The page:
Before we tell you why to take part in a clinical trial, we should tell you what a clinical trial actually is. A clinical trial is used to test the effectiveness of a new drug/treatment for a particular illness. Everyday medicines like paracetamol and aspirin also had to go through clinical trials before they were made public. Clinical trials are a standard part of medical development and help to discover new, revolutionary treatments. However, the centre of any clinical trial are the patients. Without you, clinical trials cannot take place. So, here are 10 reasons why you should take part in a clinical trial.
1. You have access to the best minds in medicine
Clinical trials are not just designed by anybody. Actually, it is quite the opposite. These trials are designed by the best in the medical and pharmaceutical fields. Leading companies and recognised doctors with extensive knowledge in their field are responsible for clinical trials, so you are in good hands (Graff, 2017)
2. Clinical trials can help you
The very nature of clinical trials is to test never-before seen drugs. This means that you would be one of the first to receive a new treatment for your illness, meaning there is a chance to improve your health. By taking part in a clinical trial, you have access to treatment that may work better than your current treatment (Cancer Research UK, 2019)
3. You have access to better healthcare
Moreover, during the duration of the trial, you will have a team of medical professionals dedicated to your health, who will closely monitor how your body is performing. This is care which is often difficult to access elsewhere (Alliance for aging research, 2017)
4. You can help the future
As we previously stated, you are at the centre of a clinical trial. Without people to take part in trials, it means that clinical trials cannot happen and, therefore, groundbreaking treatments cannot be discovered. Clinical trials are essential for finding cures. Even if the trial you take part in does not find a definitive medicine, it still gives doctors access to more information about the illness, and information is what helps them find a cure. We can see this through the fact that only 5% of adult cancer patients in the USA take part in clinical trials, compared to 60% of child cancer patients. Statistics highlight that the survival rate for child patients is much higher than that of adult patients. This is partly due to the fact that doctors have more information about cancer in child patients, which in turn allows for better treatment (Graff, 2017). To put it simply, by participating in clinical trials, you can help save lives.
5. Clinical trials need diversity
The reliability of clinical trials is often hindered by a lack of diversity in the trial patients. This is because trials often struggle to attract participants from different backgrounds, meaning they lack diversity in age, ethnicity, gender, geographic location and socioeconomic background. (Graff, 2019). This limits the reliability of the trial result because it is argued that the trial is not a true representative of people who are suffering from the disease. Therefore, by taking part in a clinical trial, you can make the patient list more diverse, and therefore aid to produce an accurate result.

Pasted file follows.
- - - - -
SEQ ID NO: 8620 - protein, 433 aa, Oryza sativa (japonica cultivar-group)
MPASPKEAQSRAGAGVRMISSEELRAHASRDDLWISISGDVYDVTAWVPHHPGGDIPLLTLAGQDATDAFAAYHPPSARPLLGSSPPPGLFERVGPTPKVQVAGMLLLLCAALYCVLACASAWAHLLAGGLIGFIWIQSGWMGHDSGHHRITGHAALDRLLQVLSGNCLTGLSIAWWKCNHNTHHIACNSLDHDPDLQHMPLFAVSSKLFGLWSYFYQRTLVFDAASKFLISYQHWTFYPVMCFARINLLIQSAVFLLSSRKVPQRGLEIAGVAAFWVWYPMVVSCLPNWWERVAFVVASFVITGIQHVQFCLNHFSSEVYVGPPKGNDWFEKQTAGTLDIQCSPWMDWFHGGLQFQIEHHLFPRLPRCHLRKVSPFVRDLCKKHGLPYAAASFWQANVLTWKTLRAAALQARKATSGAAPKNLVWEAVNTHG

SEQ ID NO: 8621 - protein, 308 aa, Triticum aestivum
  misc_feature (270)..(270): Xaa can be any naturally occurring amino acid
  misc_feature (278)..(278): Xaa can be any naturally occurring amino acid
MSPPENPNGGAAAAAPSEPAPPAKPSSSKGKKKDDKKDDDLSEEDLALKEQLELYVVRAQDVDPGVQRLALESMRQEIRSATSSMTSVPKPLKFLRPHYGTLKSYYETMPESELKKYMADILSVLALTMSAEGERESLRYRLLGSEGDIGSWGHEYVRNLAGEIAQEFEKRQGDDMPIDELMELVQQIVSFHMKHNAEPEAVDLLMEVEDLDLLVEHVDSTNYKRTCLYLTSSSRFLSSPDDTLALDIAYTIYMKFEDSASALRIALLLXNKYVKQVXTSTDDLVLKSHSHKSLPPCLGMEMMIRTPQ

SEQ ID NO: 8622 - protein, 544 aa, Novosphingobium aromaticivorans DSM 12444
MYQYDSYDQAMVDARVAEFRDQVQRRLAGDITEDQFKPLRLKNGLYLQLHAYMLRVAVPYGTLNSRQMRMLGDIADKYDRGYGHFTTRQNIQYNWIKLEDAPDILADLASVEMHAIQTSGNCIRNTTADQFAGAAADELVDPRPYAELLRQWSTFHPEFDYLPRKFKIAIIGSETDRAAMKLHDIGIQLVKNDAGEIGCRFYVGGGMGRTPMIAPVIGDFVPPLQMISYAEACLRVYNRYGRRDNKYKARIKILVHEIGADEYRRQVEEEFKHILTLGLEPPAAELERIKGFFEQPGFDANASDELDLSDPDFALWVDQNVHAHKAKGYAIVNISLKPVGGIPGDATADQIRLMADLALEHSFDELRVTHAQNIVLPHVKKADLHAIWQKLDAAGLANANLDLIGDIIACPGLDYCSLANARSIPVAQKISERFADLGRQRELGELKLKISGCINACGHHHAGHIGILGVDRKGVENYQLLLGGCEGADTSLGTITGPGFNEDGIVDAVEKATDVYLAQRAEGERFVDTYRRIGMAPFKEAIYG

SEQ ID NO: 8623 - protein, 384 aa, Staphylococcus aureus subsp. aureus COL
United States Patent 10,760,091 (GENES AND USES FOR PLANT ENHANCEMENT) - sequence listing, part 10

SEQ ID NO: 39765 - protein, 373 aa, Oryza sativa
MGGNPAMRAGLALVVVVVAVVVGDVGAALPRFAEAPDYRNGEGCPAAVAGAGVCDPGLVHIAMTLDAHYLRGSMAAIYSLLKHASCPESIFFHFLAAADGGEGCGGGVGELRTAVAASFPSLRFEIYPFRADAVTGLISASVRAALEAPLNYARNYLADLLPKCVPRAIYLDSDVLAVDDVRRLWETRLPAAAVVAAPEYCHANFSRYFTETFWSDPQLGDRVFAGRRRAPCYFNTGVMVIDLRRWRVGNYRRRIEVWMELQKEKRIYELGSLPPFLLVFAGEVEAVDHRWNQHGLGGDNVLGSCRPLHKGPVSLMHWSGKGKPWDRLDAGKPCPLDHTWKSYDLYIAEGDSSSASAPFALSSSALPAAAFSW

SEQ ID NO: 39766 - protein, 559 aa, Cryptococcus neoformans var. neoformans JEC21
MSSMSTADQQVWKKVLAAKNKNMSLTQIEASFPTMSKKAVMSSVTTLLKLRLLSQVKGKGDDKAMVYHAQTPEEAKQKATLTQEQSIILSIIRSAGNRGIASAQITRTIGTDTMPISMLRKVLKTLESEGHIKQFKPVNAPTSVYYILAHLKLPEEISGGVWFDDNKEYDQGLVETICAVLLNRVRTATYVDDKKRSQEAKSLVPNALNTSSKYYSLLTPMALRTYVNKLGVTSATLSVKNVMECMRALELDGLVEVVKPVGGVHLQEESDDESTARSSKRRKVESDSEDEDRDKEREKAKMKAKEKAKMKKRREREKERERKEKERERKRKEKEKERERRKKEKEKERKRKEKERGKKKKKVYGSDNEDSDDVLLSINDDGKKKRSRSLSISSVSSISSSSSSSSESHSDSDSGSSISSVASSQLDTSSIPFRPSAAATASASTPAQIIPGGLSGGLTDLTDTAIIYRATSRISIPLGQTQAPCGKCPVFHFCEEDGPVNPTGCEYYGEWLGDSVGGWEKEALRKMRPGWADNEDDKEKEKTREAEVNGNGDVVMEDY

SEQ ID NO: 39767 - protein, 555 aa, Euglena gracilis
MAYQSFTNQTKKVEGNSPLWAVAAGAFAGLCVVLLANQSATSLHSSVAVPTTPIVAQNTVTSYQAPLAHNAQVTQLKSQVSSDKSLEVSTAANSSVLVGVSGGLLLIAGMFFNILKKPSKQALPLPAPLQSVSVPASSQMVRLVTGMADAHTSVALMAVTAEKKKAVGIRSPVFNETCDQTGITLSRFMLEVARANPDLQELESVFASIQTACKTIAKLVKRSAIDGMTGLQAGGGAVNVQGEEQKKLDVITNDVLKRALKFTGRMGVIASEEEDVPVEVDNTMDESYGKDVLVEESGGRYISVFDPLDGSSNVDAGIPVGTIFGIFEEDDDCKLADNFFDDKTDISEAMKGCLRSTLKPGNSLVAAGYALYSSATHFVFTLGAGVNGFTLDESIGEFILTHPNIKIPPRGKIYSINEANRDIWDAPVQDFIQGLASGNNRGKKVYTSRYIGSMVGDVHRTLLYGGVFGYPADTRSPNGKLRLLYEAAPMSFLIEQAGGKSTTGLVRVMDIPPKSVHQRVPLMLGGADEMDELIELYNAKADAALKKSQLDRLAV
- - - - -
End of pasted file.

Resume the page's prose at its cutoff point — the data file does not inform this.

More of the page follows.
How can you take part in a clinical trial?
Doctors often know of clinical trials taking place for particular illnesses, so may recommend that you participate in one depending on your medical condition. You can also sign up through charities like Alzheimer’s Society, who have their own methods of recruiting patients. A simple way to register your interest in taking part in a clinical trial, particularly if you are a dementia patient, is to download the MindMate app. Whilst you are doing daily activities on the app like playing games, or logging in information on your diary, the app will recommend clinical trials which are suited to you. Therefore, you will have access to clinical trials that specifically suit you and it is completely up to you if you would like to participate.
Cancer Research UK. (2019). The pros and cons of taking part in a clinical trial. [online] Available at: https://www.cancerresearchuk.org/about-cancer/find-a-clinical-trial/what-you-should-be-told-about-a-clinical-trial/advantages-and-drawbacks [Accessed 2 Oct. 2019].
Graff, S. (2017). 7 Reasons to Participate in Clinical Trials. [online] Sarah Cannon. Available at: https://sarahcannon.com/blog/entry/7-reasons-to-participate-in-clinical-trials [Accessed 2 Oct. 2019].
Alliance for Aging Research. (2017). Five Reasons You Should Participate in Clinical Trials - Alliance for Aging Research. [online] Available at: https://www.agingresearch.org/five-reasons-you-should-participate-in-clinical-trials/ [Accessed 2 Oct. 2019].